Monthly Archives: May 2021

Saturday Night at the Mines

A while back I wrote about one of my favorite paintings, Sunday Morning in the Mines, by Charles Christian Nahl. Here is a companion piece by the same artist, Saturday Night at the Mines. Who do we see in this … Continue reading

Posted in Charles C. Nahl | 2 Comments

The First Wagon Train to California

On this date one hundred and eighty years ago, the first emigrant wagon train to leave for California headed out on the Oregon Trail. Known today as the Bidwell-Bartleson Party, they teamed up with a group of Catholic missionaries and … Continue reading

Posted in Bidwell-Bartleson Party | Leave a comment

Ten Years and a Thousand Posts

I started this blog ten years ago to promote the book I wrote about John Bidwell, and to note any bits of Northern California history that caught my fancy. Now I have reached my one-thousandth post, and it’s time to … Continue reading

Posted in Uncategorized | 3 Comments

Jennie Carter on Equality

Jennie Carter, African American journalist in California, had some strong words when it came to issues of civil rights and equality. Her “Letter from Nevada County” in The Elevator on September 25, 1868 comes down hard on Southern Democrats, including … Continue reading

Posted in Uncategorized | Leave a comment

May 9, 1841 — Go West, Young Man

A pledge was drawn up in which every signer agreed to purchase a suitable outfit, and to rendezvous at Sapling Grove in what is now the state of Kansas, on the 9th of the following May, armed and equipped to … Continue reading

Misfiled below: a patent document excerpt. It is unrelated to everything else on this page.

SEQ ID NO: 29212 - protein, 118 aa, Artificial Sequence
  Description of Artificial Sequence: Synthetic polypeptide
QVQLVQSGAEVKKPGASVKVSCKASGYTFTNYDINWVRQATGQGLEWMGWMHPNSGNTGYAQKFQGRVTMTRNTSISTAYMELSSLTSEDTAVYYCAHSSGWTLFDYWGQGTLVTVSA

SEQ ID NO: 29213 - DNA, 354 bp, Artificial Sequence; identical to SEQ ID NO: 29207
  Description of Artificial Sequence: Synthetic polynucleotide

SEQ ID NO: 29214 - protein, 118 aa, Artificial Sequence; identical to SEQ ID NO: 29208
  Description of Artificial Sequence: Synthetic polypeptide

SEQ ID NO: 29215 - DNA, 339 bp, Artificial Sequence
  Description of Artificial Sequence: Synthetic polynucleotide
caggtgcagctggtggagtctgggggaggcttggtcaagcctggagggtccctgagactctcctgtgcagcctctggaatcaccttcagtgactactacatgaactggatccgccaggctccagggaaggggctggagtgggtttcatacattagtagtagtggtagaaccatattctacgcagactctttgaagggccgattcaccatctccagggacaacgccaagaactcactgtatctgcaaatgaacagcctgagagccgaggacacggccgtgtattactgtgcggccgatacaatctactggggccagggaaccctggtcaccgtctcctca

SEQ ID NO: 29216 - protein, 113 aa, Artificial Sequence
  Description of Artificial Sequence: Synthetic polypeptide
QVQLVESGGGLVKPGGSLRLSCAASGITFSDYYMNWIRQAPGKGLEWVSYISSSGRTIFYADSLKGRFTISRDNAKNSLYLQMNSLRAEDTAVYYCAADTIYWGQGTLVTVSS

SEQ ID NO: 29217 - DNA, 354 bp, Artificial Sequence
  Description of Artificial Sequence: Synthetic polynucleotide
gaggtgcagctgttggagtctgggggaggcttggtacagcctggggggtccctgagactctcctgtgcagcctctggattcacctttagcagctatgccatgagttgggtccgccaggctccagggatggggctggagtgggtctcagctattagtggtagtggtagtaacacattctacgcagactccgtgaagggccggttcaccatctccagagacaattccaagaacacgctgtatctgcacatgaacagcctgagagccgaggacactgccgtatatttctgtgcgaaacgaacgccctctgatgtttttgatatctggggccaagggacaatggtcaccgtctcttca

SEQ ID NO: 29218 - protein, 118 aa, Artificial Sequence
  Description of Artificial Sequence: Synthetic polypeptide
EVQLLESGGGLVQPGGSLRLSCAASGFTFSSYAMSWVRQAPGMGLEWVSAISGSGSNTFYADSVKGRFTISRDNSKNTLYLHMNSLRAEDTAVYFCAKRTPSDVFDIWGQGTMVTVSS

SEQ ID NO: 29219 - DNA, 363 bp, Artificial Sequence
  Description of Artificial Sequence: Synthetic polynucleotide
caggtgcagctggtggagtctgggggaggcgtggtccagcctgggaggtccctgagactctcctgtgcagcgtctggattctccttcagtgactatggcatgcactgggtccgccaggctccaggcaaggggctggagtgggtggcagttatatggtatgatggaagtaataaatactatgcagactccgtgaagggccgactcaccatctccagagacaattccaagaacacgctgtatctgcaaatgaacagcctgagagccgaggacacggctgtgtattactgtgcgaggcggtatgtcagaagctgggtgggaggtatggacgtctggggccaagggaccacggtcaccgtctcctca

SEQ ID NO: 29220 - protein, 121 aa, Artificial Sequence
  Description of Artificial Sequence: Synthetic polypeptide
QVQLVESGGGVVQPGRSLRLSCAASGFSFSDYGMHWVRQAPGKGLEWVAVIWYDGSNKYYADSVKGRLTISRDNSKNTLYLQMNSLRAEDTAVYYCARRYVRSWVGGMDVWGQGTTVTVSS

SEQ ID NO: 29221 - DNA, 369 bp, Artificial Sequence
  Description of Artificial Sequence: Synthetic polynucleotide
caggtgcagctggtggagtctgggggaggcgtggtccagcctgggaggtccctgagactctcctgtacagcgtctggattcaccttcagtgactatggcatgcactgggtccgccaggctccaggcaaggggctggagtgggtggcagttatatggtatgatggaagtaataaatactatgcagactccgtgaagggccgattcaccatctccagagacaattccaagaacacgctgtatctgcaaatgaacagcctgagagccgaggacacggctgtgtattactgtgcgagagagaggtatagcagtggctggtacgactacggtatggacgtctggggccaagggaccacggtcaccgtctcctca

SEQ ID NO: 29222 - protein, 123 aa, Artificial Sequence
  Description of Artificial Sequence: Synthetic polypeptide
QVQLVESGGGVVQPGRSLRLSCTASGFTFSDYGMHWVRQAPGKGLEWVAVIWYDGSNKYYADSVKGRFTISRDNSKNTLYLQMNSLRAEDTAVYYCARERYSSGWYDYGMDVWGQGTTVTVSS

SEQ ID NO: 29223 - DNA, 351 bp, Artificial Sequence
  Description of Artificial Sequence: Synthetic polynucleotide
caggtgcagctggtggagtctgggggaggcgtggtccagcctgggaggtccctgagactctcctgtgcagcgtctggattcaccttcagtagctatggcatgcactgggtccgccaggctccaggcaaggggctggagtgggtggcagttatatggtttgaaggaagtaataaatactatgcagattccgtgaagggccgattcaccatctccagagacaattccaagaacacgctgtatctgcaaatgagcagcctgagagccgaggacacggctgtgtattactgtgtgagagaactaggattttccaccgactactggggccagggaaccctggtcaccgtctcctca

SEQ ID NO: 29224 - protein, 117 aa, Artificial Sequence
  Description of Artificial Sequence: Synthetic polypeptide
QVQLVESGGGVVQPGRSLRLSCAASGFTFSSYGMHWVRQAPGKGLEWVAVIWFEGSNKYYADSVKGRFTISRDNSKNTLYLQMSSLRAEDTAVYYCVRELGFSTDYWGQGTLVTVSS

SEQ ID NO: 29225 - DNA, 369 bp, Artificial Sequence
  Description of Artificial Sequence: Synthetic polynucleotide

Posted in Uncategorized | 2 Comments

Mother’s Day 1915

On May 9, 1914, President Woodrow Wilson issued a proclamation establishing the second Sunday in May as a day for honoring mothers and calling on government officials to display the flag to show “love and reverence for the mothers of … Continue reading

Posted in Uncategorized | Leave a comment

Jennie Carter, African American Journalist

In June of 1867, Philip Bell, editor of The Elevator, received a letter from a correspondent named Ann J. Trask. She said that she lived at Mud Hill in Nevada County and offered to write short stories for children. The … Continue reading

Posted in Jennie Carter | Leave a comment

More about Alvin A. Coffey

Back in February I wrote about Alvin A. Coffey, African-American forty-niner. Thanks to Eaul Blansett, co-author of The Tortuous Road to Freedom, I now have more sources for his story. My favorite sources are always first person accounts. Alvin left … Continue reading

Posted in Alvin A. Coffey | Leave a comment